Foch median real estate price is $141,504, which is less expensive than 70.5% of Michigan neighborhoods and 83.2% of all U.S. neighborhoods.
The average rental price in Foch is currently $987, based on NeighborhoodScout's exclusive analysis. Rents here are currently lower in price than 96.3% of Michigan neighborhoods.
Foch is a suburban neighborhood (based on population density) located in Detroit, Michigan.
Foch real estate is primarily made up of small (studio to two bedroom) to medium sized (three or four bedroom) apartment complexes/high-rise apartments and single-family homes. Most of the residential real estate is occupied by a mixture of owners and renters. Many of the residences in the Foch neighborhood are relatively historic, built no later than 1939, and in some cases, quite a bit earlier. A number of residences were also built between 1940 and 1969.
Vacant apartments or homes are a major fact of life in Foch. The current real estate vacancy rate here is 34.5%. This is higher than the rate of vacancies in 96.0% of all U.S. neighborhoods. In addition, most vacant housing here is vacant year round. This can sometimes be the case in neighborhoods dominated by new construction that is not yet occupied. But often neighborhoods with vacancy rates this high are places that can be plagued by a protracted vacancy problem. If you live here, you may find that a number of buildings in your neighborhood are actually empty.
Many things matter about a neighborhood, but the first thing most people notice is the way a neighborhood looks and its particular character. For example, one might notice whether the buildings all date from a certain time period or whether shop signs are in multiple languages. This particular neighborhood in Detroit, the Foch neighborhood, has some outstanding things about the way it looks and its way of life that are worth highlighting.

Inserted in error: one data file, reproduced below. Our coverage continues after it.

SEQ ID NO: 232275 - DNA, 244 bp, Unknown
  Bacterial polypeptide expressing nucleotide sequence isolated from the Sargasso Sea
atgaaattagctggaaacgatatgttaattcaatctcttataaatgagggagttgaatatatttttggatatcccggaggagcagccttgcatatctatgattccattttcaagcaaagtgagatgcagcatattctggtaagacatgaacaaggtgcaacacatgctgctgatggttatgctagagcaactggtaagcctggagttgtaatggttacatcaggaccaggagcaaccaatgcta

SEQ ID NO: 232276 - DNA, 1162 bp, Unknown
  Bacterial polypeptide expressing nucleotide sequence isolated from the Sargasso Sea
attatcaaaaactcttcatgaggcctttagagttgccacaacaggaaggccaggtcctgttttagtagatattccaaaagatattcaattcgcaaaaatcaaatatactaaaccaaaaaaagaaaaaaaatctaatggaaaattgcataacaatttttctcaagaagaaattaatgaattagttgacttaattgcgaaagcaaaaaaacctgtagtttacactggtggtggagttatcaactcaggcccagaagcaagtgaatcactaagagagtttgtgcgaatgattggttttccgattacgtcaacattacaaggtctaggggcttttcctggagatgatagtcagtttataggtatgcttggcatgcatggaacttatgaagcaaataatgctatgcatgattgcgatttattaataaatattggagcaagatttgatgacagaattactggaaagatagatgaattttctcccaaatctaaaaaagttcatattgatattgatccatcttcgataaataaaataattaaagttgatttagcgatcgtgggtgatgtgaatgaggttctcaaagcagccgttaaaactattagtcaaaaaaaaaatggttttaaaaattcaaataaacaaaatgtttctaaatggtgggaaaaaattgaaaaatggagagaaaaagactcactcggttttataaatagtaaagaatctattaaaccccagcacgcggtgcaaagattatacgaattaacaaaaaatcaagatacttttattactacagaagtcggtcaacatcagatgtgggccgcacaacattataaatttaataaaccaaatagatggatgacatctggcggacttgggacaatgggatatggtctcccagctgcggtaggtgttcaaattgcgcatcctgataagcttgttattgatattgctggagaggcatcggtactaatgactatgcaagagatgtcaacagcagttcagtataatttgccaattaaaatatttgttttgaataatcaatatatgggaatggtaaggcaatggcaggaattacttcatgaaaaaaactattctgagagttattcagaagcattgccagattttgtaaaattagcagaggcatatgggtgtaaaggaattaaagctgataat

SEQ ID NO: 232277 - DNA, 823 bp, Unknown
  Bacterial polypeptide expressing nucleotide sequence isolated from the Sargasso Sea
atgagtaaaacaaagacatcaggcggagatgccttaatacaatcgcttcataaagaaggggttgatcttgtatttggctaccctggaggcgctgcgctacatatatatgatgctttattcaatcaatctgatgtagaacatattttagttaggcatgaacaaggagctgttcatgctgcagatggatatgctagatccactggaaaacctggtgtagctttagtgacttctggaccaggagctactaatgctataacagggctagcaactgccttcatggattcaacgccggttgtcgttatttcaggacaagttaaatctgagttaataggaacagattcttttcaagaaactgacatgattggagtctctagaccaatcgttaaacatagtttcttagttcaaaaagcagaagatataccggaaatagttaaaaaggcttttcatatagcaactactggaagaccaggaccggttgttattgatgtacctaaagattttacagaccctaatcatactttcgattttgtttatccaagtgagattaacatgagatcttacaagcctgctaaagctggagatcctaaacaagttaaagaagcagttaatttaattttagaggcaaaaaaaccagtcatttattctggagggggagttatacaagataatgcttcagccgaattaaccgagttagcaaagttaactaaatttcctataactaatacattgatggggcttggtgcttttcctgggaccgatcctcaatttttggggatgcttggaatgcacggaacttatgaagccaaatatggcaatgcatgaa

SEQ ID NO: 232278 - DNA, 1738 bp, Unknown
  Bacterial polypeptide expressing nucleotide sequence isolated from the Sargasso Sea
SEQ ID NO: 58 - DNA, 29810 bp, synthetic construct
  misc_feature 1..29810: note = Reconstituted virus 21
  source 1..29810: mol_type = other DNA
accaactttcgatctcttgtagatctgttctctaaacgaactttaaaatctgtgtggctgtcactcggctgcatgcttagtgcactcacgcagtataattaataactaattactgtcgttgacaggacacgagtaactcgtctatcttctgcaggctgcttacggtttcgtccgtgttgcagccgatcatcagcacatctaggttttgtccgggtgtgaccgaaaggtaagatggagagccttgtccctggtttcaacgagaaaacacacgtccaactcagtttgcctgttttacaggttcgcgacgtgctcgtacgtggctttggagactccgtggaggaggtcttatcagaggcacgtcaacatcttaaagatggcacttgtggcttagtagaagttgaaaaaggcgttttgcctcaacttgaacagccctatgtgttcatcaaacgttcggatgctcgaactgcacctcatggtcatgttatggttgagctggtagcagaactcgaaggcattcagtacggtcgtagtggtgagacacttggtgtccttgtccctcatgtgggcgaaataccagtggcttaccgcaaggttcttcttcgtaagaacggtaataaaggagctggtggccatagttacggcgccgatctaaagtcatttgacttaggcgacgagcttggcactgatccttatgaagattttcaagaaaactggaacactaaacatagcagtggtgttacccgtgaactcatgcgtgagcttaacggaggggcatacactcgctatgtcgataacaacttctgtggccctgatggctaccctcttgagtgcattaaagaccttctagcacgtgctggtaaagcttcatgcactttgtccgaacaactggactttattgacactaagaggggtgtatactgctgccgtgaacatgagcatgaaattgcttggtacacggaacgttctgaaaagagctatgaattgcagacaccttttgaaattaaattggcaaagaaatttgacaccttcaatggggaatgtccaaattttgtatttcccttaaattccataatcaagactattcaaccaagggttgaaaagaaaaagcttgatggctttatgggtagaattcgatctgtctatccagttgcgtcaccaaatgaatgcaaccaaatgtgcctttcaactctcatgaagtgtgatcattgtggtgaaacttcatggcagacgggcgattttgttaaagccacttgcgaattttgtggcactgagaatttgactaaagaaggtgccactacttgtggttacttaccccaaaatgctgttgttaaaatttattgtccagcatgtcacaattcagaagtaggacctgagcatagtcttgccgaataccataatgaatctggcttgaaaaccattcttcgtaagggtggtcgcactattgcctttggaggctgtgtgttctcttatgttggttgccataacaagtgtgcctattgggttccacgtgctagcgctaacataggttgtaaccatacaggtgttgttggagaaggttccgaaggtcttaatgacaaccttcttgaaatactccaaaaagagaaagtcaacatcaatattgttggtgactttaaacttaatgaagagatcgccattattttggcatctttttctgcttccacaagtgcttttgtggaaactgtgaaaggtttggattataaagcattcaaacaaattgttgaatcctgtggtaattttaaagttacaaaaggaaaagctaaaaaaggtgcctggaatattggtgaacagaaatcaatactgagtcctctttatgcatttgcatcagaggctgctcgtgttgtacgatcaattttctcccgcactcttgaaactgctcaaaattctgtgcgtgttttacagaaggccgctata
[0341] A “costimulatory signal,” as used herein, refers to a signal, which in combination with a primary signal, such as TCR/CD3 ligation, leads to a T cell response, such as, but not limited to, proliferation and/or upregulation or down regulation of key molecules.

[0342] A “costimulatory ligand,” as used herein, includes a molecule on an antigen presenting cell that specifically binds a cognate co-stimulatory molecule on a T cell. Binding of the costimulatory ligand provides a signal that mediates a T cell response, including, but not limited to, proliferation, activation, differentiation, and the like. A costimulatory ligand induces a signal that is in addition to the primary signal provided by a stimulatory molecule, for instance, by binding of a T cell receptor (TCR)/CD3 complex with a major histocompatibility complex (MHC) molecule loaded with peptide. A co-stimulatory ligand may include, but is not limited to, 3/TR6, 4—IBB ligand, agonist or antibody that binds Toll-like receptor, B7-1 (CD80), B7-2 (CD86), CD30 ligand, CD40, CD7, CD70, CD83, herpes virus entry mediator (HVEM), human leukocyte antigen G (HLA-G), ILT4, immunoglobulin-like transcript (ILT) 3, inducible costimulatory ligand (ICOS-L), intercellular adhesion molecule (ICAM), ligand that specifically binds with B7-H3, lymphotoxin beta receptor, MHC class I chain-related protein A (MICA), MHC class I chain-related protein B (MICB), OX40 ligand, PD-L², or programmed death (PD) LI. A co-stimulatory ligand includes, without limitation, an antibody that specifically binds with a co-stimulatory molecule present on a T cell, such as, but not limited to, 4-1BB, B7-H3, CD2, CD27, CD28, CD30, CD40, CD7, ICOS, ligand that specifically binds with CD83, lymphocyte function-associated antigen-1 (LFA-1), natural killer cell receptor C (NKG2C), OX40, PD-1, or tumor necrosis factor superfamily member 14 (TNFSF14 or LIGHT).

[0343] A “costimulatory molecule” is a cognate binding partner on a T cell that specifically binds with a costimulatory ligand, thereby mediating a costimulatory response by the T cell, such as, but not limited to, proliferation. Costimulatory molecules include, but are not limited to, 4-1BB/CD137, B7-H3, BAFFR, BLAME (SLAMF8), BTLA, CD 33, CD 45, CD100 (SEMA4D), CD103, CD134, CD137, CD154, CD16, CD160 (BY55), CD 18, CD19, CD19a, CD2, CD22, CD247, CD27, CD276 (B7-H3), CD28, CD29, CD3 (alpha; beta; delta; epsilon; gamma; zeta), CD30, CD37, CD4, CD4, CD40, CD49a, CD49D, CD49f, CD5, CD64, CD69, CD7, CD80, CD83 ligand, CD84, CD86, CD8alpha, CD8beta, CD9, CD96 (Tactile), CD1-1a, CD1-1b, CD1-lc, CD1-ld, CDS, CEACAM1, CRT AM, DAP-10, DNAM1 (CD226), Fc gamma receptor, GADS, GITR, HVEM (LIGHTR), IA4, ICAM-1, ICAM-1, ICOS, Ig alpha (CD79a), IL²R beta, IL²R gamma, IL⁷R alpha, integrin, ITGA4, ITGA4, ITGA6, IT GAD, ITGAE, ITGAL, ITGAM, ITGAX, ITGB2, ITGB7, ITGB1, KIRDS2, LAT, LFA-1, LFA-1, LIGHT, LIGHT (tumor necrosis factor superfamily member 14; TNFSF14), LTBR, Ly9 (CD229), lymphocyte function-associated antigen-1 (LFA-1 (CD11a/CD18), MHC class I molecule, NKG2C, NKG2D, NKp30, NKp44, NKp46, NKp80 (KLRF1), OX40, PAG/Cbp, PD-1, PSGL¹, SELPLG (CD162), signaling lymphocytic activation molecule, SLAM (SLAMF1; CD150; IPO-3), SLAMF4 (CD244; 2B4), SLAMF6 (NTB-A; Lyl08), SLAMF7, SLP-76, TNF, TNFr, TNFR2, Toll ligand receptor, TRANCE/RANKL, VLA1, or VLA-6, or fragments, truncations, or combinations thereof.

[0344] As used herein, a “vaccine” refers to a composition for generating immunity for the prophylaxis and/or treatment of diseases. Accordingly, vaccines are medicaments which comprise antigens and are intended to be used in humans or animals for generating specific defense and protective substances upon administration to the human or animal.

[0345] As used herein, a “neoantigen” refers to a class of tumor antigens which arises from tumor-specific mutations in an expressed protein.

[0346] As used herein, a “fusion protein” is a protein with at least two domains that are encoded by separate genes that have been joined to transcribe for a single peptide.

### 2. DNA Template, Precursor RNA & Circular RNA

There are more people living in the Foch neighborhood employed as sales and service workers (54.0%) than almost any neighborhood in the country. From fast-food service workers to major sales accounts, sales and service workers make up the largest proportion of our national employment picture. But despite that size and importance nationally, this neighborhood still stands out as unique due to the dominance of people living here who work in such occupations.
Single parenting is hard. But you don't have to tell the Foch neighborhood about it; they already know. 18.7% of this neighborhood's households are run by single mothers, which is a higher concentration than NeighborhoodScout found in 96.1% of American neighborhoods. Further NeighborhoodScout research showed strong statistical correlations among high rates of children living in single parent households, and neighborhood crime, particularly violent crime, neighborhood poverty, and, importantly, the percentage of low weight births and rates of infant mortality.
In addition, one of the unique characteristics of the Foch neighborhood revealed by analysis is that the per capita income of residents here is lower than that found in 96.0% of the neighborhoods in America.
Despite all of the residential real estate here in the Foch neighborhood, NeighborhoodScout has discovered that much of it is vacant. In resort or second-home vacation areas, this naturally occurs because homes and apartments are seasonally occupied, and empty for a portion of the year. In non-vacation or resort areas, however, this can be an indicator of property abandonment or a weak real estate market. The vacancy rate here is 34.5%, which is higher than 96.0% of all U.S. neighborhoods.
In addition, if you find historic homes and neighborhoods attractive, you love the details, the history, and the charm, then you are sure to be interested in this neighborhood. With 57.9% of the residential real estate in the Foch neighborhood built no later than 1939, and some built considerably earlier, this neighborhood has a greater concentration of historic residences than 95.8% of all neighborhoods in America. In this regard, this neighborhood truly stands out as special.